The partial phase as seen from our area begins at 09.33 and ends at 11.05 with maximum obscuration (21%) occurring at 10.18. Please remember that you should NEVER look directly at the sun with ANY type of optical aid unless it is fitted with a good quality solar filter. Even looking at the sun with the naked eye for extended periods can cause damage to the eye. The safest method is of course projection where the image of the sun is allowed to fall onto a piece of card held a short distance behind the eyepiece. If you cut a hole in another piece of card and fit it over the front of the telescope it will cast a shadow and allow the image to be seen much more clearly.

This is actually a total eclipse as seen from other parts of the world although it is only of relatively short duration. The track starts in Canada and runs through Greenland, Russia, Mongolia and China.

Lunar Eclipse of August 16th. All times are BST.

This is only a partial eclipse but at maximum 81% of the moon will be immersed in the umbral shadow and given clear skies we ought to see it turn a red/brown colour. The moon rises at 20.11 and first contact follows soon after at 20.36 although sunset is not until 20.21 that evening. Maximum eclipse occurs at 22.11 and the event finally ends at 23.44. It is rather unfortunate that throughout this eclipse the moon is fairly low in the sky - around 15 to 20 degrees.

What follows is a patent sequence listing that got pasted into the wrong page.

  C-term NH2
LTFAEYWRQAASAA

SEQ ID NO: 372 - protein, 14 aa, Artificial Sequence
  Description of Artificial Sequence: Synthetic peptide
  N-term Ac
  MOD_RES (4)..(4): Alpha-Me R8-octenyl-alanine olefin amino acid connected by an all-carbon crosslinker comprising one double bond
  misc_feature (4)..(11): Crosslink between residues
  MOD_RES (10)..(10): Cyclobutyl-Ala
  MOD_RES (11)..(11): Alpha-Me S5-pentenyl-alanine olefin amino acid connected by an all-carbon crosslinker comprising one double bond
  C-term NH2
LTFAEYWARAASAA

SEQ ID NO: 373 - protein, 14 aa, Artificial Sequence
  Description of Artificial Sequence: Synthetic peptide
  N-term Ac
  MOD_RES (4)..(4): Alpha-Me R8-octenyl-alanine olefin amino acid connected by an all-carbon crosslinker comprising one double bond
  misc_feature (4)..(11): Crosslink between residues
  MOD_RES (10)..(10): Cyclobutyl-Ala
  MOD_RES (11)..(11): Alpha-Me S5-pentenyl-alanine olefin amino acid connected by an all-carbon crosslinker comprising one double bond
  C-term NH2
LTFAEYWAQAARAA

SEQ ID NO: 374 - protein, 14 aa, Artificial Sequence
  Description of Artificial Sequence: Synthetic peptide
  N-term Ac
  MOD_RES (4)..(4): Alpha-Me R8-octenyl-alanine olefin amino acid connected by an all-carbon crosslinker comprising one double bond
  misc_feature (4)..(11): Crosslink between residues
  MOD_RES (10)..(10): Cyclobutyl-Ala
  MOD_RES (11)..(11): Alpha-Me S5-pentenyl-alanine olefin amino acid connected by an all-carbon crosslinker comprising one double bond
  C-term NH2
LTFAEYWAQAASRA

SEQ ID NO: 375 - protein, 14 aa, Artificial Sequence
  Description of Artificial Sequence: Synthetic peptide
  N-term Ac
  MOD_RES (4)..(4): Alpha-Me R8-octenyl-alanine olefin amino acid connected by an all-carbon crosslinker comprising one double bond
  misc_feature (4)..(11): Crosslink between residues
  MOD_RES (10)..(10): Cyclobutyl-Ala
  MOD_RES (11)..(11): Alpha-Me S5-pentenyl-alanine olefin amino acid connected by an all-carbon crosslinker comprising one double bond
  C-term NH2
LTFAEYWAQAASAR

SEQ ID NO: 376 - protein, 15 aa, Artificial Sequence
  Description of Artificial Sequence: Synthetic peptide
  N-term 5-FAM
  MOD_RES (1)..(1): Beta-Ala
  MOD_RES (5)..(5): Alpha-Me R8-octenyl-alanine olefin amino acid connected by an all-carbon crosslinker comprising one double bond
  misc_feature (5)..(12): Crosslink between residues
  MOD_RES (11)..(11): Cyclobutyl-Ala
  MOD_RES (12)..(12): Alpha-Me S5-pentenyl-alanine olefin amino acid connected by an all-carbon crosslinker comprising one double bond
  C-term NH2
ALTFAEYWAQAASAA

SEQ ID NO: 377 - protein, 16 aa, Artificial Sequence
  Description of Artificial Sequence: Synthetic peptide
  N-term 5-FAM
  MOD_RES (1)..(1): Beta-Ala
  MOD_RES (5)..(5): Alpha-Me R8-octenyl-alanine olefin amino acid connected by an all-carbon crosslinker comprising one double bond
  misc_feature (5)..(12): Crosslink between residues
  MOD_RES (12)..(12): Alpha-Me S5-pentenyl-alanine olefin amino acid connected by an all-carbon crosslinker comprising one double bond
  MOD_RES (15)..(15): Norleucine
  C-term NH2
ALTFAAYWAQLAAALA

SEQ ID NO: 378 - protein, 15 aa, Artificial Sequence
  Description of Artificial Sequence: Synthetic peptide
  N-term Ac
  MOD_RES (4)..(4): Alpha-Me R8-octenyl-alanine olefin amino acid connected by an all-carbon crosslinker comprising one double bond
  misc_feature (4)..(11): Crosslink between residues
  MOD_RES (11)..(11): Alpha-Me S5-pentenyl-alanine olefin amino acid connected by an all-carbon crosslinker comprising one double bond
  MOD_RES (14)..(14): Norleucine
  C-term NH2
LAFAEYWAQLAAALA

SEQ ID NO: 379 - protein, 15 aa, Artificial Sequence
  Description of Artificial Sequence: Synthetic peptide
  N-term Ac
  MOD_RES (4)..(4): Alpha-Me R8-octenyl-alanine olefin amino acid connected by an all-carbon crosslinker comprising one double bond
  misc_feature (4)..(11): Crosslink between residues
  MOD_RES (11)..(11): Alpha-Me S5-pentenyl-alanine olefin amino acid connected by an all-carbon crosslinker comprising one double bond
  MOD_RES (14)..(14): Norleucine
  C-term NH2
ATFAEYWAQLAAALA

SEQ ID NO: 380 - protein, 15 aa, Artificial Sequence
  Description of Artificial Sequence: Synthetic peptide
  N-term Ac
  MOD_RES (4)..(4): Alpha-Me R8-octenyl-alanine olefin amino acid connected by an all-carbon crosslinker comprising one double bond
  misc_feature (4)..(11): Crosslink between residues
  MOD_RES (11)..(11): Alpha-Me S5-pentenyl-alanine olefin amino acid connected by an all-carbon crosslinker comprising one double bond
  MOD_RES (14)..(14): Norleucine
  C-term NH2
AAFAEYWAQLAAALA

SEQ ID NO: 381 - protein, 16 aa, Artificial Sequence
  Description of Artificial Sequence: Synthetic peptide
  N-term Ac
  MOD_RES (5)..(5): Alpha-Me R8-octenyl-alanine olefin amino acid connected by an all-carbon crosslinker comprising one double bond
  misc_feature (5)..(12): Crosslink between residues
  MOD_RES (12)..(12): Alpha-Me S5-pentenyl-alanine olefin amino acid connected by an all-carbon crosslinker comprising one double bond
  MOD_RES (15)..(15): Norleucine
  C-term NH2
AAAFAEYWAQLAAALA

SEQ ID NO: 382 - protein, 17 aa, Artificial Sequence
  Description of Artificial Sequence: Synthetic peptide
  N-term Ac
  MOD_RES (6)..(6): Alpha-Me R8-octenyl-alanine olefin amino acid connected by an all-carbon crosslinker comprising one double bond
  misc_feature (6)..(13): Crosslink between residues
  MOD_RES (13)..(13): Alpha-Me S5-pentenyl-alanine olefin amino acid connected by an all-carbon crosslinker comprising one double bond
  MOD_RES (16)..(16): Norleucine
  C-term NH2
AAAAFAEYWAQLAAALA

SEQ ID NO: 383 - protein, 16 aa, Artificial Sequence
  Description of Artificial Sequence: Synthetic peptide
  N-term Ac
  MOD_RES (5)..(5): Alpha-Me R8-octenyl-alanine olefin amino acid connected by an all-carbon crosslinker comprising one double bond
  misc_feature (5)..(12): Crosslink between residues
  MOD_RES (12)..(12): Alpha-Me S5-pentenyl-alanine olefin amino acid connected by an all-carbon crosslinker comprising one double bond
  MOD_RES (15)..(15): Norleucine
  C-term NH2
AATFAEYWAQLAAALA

Lunar Occultations

As usual I've only included events for stars down to around magnitude 7.5 that occur before midnight BST. DD = disappearance at the dark limb whilst RD = reappearance at the dark limb. Times are all BST

August Time Star Magnitude Phase Position angle degrees
10th 2034 SAO 184428 6.9 DD 158
11th 2128 SAO 185394 7.8 DD 104
11th 2134 SAO 185400 7.2 DD 75
13th 2111 SAO 187835 5.8 DD 27
13th 2323 SAO 187898 7.1 DD 1

Interestingly, there are 16 lunar occultations on the night of the WAS bar-b-q as the moon passes through the Pleiades star cluster. Perhaps a little disappointingly they are all re-appearances, with the first occurring just after 22.15. There are several events of note (listed below) due to the magnitude of the stars involved, the brightest being Alcyone or Eta Tauri.

The others are in the range of magnitudes 6 to 10. The bad news is that the moon only rises at 22.09 - nine minutes before the first event!

August Time Star Magnitude Phase Position angle degrees
23rd 2218 SAO 76155 3.9 RD 292
23rd 2242 SAO 76199 2.8 RD 211
23rd 2306 SAO 76229 5.1 RD 182

Still on the subject of occultations there are four events that occur during the lunar eclipse on August 16th. Unfortunately the stars (that both suffer a disappearance and a re-appearance) are of magnitudes 9.4 and 9.9 so require a reasonable sized telescope to see them. Please let me know if you would like more details.

Phases of the Moon for August

New First Quarter Full Last Quarter
1st 8th 16th 23rd


The Perseid meteor shower is one of the best to observe because there are a reasonable number of meteors around maximum (August 12th) and also because usually there is no need to wrap up warmly. Sadly the moon will interfere this year being full a few days after maximum although the shower is active from July 23rd until August 20th.In 1992 there was a return of the parent comet (109P/Swift-Tuttle) when increased activity was observed although the ZHR has now returned the norm of about 90. The ZHR is the showers Zenithal Hourly Rate and refers to the number of meteors that could theoretically be seen if the radiant (the point where meteors appear to emanate from) where at the zenith or overhead point. This is very rarely the case, so if the radiant is low in the sky the number of meteors that will actually be seen will be reduced by sky-glow and extinction due to the amount of atmosphere that we are observing through.